At Bose, we believe sound is power, and we believe in the power of what it can do for those listening. That’s why we’ve joined forces with partners within the community to champion the role and impact music has had on queer culture, history, and community.
Sound has the power to bring people together — and inside the walls of the famous Stonewall Inn circa 1966, the LGBTQ+ community found safety and community in song.
At the time, it was extremely rare to find public bars and spaces to dance in that were safe for the community. But at Stonewall, couples would dance together, and the fleeting but powerful seconds of song provided a rare moment of semi-public peace and intimacy. However, the inn was commonly raided, with the people who sought community and comfort in song instead finding themselves in danger of arrest and assault.
But music in the LGTBQ+ community is not only a pillar of joy, it’s one of protest as well — and on June 28, 1969, the patrons inside not only refused to leave but fought back.
Today, music stands firm as a way to foster community and spark change for those who are LGBTQ+. That is why Bose is working hand-in-hand with one of the largest outdoor queer music festivals in Brooklyn, NY — LadyLand. Spearheaded by iconic nightlife producer Ladyfag, the festival is a celebration of queer talent and music, creating a safe haven of joy, art, and sound.
We all have songs that get us on our feet, put us in our feelings, and help us express a part of ourselves that only music can bring out.
For many, songs become anthems and lyrics become testimony that provide representation and reassurance on a path that can otherwise feel daunting. With that in mind, Bose is partnering with artist and producer Jack Antonoff’s the Ally Coalition to use the power of music to better the lives of LGBTQ+ youth. The Ally Coalition aims to raise awareness about systematic inequalities facing the LGBTQ+ population and uses known artists and music to mobilize fans and inspire action. Music has the power to make people feel seen and amplifying visibility on queer issues is a crucial steppingstone to shining a light on the queer community.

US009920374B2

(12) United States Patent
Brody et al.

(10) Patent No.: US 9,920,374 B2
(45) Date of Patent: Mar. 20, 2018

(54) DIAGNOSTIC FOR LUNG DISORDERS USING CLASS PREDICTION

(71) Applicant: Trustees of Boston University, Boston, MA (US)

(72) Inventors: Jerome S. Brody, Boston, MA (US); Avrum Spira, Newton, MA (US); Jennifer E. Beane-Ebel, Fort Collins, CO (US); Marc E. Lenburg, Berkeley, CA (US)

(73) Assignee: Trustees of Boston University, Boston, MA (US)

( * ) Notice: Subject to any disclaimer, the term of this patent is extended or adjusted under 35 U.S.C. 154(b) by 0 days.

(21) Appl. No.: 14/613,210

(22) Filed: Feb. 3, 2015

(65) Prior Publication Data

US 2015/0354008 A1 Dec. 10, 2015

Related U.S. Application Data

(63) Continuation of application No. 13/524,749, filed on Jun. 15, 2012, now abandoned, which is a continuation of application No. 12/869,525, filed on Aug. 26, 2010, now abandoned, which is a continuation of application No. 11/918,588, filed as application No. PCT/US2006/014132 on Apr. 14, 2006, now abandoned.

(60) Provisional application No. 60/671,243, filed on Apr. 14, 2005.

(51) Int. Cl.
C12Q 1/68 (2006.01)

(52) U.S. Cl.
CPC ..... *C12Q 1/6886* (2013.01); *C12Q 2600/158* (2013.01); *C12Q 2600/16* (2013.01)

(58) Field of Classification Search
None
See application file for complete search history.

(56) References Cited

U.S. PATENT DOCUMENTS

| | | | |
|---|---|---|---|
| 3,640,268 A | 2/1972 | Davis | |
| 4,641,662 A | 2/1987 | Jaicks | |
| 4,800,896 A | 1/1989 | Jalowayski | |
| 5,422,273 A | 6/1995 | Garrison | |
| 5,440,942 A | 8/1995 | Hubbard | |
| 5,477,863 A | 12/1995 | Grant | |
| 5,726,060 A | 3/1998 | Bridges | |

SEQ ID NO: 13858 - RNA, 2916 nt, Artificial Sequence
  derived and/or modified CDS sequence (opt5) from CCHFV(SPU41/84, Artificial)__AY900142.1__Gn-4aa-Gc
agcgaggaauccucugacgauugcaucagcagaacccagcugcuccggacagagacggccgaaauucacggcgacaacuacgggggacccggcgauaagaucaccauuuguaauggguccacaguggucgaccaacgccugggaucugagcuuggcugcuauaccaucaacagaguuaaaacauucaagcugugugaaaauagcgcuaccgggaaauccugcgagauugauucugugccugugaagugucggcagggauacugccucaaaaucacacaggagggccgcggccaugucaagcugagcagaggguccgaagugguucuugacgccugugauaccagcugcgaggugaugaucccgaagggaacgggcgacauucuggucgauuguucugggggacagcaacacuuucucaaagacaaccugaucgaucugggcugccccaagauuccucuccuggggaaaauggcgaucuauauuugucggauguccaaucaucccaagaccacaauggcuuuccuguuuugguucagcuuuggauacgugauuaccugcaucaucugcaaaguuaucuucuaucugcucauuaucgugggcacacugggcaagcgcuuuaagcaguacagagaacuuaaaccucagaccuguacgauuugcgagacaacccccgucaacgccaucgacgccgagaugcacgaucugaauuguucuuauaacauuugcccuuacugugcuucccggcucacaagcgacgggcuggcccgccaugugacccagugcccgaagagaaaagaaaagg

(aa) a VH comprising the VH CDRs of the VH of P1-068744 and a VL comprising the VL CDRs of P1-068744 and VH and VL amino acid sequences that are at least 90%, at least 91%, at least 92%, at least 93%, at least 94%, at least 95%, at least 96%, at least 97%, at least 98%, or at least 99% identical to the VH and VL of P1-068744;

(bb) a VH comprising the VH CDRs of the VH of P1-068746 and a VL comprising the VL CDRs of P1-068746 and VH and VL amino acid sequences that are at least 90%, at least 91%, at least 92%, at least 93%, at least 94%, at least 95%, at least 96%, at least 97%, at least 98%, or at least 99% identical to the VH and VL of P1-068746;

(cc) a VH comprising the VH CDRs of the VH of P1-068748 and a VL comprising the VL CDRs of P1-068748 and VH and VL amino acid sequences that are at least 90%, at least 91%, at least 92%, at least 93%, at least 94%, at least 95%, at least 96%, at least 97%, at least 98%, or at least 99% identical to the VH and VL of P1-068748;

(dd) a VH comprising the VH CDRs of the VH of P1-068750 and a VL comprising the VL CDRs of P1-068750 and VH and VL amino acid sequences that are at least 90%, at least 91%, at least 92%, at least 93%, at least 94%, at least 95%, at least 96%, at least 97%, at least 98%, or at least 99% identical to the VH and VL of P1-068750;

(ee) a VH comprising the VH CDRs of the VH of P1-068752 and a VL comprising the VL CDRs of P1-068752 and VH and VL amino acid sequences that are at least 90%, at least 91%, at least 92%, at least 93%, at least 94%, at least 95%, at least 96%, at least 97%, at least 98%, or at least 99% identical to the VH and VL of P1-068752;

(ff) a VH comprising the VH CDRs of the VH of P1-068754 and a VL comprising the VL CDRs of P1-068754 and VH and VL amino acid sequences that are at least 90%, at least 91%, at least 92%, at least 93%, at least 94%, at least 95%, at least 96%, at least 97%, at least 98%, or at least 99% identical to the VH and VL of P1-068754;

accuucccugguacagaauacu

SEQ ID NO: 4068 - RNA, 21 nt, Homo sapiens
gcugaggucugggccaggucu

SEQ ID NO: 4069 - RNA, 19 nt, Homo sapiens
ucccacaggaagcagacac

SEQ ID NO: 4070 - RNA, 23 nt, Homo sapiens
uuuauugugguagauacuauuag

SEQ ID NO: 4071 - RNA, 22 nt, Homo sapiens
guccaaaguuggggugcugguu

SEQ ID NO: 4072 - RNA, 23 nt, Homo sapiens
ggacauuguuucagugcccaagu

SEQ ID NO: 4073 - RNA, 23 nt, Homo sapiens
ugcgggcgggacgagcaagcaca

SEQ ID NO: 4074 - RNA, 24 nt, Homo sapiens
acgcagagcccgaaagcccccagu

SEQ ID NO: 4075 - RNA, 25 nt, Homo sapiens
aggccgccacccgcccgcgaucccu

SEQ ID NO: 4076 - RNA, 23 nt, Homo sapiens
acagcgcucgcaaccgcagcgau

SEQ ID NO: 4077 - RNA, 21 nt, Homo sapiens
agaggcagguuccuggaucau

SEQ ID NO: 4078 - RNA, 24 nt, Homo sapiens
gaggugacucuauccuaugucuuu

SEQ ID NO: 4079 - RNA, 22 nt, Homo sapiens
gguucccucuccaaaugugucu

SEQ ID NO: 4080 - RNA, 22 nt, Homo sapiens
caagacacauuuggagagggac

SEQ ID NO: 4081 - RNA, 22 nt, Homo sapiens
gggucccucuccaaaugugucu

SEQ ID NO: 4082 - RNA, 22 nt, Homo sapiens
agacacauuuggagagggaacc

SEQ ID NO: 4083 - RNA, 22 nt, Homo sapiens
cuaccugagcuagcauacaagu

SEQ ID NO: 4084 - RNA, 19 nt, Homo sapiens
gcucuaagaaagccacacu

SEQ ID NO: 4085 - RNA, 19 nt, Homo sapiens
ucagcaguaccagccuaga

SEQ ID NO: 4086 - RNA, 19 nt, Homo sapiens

The use of music and sound in queer subgenres like drag and ballroom are key staples in LGBTQ+ culture. Both are art forms that break down conventional gender expression, and when these artists take to the stage while lip-syncing and strutting alongside music or voguing down a catwalk, they’re embodying a persona and story that draws from the striking words and beat.
There’s power in not only the music, but in how it empowers the people performing, moves the people jamming along, and inspires the people listening for the first time. There’s power in how bold it is, in how unapologetic and genuinely joyful. There’s power in the community it brings. And above all else, there’s power in the pride.